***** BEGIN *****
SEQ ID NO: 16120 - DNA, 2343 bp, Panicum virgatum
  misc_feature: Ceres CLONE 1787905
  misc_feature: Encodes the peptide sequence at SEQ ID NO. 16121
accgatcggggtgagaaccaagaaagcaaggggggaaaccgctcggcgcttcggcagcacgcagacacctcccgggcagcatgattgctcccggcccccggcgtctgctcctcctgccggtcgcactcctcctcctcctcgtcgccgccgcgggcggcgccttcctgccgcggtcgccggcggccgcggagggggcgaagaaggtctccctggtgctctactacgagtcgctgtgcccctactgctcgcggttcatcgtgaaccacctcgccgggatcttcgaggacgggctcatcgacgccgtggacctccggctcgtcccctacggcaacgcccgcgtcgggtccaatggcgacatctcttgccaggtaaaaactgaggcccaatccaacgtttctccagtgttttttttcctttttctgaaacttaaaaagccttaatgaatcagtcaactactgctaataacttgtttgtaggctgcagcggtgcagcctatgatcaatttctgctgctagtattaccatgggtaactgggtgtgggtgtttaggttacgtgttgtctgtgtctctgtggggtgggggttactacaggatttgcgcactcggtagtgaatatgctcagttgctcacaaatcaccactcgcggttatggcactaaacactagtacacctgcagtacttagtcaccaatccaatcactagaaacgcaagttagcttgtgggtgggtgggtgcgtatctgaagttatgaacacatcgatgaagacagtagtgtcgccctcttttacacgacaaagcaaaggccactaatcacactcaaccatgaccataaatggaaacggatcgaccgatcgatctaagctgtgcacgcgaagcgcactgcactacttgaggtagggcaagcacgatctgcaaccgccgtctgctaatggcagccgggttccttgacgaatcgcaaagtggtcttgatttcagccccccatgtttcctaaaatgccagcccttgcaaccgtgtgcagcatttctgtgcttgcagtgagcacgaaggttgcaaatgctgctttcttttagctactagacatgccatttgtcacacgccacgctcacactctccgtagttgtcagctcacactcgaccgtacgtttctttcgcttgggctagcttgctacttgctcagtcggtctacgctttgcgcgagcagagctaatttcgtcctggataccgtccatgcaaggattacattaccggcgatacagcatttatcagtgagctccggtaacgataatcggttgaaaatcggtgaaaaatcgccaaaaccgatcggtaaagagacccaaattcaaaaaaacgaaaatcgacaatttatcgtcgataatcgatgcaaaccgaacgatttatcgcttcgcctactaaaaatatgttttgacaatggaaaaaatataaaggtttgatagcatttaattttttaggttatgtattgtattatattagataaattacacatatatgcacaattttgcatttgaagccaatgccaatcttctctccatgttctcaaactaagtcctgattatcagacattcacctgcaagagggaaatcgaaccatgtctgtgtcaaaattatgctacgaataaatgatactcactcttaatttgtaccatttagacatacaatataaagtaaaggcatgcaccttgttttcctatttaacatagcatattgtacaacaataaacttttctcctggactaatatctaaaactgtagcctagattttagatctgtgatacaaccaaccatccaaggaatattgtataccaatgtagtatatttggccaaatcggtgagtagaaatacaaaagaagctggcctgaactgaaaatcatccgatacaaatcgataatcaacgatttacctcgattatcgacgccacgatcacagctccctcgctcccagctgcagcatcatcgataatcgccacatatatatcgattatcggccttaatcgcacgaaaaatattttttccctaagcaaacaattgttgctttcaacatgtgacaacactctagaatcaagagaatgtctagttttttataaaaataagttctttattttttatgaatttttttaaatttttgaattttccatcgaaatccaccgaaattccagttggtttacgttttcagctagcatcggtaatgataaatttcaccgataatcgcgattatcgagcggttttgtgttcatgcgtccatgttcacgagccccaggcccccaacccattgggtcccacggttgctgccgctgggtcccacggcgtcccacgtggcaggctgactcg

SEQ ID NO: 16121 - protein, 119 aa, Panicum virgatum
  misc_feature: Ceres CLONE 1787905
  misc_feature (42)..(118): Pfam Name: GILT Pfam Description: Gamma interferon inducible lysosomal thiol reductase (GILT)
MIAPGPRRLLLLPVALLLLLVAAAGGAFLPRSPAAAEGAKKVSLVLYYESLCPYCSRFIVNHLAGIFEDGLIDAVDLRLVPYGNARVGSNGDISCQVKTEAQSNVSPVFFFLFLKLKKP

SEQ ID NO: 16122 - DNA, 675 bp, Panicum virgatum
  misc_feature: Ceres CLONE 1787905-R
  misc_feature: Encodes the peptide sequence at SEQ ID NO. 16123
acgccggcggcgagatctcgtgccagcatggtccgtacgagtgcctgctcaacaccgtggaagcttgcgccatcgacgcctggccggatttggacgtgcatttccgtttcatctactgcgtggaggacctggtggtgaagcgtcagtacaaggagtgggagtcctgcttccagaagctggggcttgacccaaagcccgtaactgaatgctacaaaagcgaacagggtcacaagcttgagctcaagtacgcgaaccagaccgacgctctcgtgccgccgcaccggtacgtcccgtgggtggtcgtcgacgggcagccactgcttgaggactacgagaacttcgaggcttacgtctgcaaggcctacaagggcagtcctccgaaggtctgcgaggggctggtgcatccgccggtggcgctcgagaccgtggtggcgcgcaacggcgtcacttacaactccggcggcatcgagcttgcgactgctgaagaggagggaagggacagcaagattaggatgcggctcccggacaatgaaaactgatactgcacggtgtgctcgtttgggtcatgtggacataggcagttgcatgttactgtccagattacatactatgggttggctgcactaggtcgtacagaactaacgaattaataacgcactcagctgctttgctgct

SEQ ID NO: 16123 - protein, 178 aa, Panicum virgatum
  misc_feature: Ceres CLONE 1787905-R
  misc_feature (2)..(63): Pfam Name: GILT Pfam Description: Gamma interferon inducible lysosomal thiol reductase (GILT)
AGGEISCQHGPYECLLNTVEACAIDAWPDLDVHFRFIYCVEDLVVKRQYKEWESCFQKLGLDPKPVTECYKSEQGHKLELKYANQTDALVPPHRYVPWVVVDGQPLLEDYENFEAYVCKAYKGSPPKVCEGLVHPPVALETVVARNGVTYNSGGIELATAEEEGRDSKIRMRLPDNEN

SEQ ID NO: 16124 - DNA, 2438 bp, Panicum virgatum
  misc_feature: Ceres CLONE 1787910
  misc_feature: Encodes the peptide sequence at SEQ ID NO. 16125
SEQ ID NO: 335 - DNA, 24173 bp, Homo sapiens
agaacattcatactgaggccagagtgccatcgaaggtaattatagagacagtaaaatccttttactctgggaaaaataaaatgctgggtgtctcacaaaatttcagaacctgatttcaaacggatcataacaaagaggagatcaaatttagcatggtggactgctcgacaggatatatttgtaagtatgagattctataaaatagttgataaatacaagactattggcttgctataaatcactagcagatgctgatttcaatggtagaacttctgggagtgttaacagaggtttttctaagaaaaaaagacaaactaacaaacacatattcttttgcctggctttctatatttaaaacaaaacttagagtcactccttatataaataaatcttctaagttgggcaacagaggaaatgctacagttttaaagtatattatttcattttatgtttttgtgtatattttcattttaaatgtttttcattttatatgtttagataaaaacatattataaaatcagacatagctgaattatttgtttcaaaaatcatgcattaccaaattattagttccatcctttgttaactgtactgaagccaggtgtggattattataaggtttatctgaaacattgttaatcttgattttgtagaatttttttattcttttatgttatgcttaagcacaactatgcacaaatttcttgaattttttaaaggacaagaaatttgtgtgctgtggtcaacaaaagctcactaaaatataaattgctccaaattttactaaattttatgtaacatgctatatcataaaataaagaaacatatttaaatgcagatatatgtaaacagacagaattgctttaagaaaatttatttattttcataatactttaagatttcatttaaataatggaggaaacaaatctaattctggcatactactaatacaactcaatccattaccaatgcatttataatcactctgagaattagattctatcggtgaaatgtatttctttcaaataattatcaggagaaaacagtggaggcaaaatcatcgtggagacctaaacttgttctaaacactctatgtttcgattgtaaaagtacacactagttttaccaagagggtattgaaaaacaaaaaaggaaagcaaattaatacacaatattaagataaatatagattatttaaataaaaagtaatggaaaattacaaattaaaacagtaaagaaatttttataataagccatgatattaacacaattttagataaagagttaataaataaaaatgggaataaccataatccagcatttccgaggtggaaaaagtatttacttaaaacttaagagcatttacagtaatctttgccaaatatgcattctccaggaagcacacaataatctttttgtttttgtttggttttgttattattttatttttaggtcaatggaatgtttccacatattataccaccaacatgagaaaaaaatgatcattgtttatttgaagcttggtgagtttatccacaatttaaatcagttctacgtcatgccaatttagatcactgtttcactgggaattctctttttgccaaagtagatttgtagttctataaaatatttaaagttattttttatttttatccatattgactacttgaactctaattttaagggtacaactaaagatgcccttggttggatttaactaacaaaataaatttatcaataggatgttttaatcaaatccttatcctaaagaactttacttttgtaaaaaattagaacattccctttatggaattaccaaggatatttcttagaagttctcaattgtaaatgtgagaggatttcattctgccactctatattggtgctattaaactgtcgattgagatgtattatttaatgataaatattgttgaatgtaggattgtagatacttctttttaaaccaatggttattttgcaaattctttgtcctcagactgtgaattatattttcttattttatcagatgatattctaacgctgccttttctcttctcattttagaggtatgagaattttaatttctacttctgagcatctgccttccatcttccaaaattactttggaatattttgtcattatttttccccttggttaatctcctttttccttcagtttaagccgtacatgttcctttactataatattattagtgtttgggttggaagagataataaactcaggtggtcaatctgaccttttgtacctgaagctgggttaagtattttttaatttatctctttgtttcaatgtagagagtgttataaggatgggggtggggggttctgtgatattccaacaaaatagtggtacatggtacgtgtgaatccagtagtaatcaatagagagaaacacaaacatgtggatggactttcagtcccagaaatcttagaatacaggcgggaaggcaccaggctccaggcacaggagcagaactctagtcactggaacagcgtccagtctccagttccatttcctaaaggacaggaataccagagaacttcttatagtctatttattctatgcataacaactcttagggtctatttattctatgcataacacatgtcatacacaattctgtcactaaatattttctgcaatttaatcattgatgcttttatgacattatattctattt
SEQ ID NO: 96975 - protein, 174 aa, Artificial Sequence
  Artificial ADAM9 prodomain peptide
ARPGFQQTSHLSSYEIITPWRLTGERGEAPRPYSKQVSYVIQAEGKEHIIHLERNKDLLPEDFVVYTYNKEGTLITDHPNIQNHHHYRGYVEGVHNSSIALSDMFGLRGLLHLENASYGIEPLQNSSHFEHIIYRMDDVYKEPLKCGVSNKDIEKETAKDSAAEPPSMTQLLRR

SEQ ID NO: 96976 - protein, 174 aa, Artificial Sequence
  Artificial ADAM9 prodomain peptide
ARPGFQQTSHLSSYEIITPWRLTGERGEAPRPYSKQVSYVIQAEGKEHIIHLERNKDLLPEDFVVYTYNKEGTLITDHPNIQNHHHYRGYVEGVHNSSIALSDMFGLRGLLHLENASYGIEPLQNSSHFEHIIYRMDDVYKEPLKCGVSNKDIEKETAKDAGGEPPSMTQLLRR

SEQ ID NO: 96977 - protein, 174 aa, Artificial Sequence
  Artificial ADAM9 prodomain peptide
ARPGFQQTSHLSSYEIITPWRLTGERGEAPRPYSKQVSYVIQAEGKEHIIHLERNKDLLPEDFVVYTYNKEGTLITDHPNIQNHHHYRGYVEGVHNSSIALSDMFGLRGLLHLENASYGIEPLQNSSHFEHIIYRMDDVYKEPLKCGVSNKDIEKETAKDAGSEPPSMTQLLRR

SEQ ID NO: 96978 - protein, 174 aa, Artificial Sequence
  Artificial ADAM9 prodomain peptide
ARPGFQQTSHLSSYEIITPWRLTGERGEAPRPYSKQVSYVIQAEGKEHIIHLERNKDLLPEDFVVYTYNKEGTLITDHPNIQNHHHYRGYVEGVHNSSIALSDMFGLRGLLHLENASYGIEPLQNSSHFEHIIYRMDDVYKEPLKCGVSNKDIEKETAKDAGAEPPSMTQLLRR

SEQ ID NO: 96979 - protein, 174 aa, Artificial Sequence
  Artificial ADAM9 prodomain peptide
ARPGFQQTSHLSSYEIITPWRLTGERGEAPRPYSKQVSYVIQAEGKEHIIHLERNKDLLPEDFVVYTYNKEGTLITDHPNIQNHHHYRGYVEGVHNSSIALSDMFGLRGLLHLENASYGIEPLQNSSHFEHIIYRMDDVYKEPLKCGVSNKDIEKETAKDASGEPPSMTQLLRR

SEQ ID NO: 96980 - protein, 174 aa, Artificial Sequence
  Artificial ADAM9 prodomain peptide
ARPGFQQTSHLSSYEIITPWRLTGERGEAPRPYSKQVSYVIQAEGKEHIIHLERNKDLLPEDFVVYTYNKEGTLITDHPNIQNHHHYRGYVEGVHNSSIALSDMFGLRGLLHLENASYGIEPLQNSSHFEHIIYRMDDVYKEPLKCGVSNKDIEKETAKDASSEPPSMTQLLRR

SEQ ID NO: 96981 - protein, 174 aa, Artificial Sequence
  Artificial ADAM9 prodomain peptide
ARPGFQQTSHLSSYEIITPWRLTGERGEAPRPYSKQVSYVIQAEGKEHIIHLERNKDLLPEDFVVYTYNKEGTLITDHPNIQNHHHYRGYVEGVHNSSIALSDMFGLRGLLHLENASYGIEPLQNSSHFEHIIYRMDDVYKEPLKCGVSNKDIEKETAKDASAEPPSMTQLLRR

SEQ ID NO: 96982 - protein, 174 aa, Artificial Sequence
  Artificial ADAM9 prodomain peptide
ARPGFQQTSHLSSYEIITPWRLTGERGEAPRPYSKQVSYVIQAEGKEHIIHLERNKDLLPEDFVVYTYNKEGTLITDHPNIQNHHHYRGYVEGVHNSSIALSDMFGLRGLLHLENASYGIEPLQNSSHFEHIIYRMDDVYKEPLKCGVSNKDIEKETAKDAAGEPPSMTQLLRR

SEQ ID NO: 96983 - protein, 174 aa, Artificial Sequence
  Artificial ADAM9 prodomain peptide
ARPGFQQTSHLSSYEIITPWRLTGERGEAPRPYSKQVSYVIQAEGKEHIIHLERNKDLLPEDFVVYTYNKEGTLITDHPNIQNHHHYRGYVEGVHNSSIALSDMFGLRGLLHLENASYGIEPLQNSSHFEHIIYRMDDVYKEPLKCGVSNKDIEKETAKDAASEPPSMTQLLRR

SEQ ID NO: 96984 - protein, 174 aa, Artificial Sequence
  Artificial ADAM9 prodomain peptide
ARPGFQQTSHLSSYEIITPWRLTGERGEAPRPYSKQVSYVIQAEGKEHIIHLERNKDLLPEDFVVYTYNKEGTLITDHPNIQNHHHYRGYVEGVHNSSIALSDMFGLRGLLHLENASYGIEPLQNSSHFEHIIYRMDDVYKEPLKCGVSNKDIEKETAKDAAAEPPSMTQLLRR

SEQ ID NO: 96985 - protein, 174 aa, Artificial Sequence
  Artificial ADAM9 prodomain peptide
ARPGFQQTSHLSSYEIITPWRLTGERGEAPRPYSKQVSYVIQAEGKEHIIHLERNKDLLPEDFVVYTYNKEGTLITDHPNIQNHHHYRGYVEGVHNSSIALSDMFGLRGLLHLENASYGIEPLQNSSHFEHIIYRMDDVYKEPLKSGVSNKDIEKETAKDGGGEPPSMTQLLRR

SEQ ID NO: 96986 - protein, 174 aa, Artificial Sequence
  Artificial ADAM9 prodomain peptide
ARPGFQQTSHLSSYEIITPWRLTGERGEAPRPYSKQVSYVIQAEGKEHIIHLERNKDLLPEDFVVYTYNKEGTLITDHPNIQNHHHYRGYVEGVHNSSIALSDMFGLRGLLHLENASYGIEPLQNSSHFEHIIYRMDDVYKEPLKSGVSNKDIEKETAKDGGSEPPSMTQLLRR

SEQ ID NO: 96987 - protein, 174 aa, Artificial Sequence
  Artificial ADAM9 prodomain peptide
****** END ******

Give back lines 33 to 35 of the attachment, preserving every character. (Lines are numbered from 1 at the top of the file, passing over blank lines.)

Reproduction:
ARPGFQQTSHLSSYEIITPWRLTGERGEAPRPYSKQVSYVIQAEGKEHIIHLERNKDLLPEDFVVYTYNKEGTLITDHPNIQNHHHYRGYVEGVHNSSIALSDMFGLRGLLHLENASYGIEPLQNSSHFEHIIYRMDDVYKEPLKCGVSNKDIEKETAKDAGAEPPSMTQLLRR

SEQ ID NO: 96979 - protein, 174 aa, Artificial Sequence
  Artificial ADAM9 prodomain peptide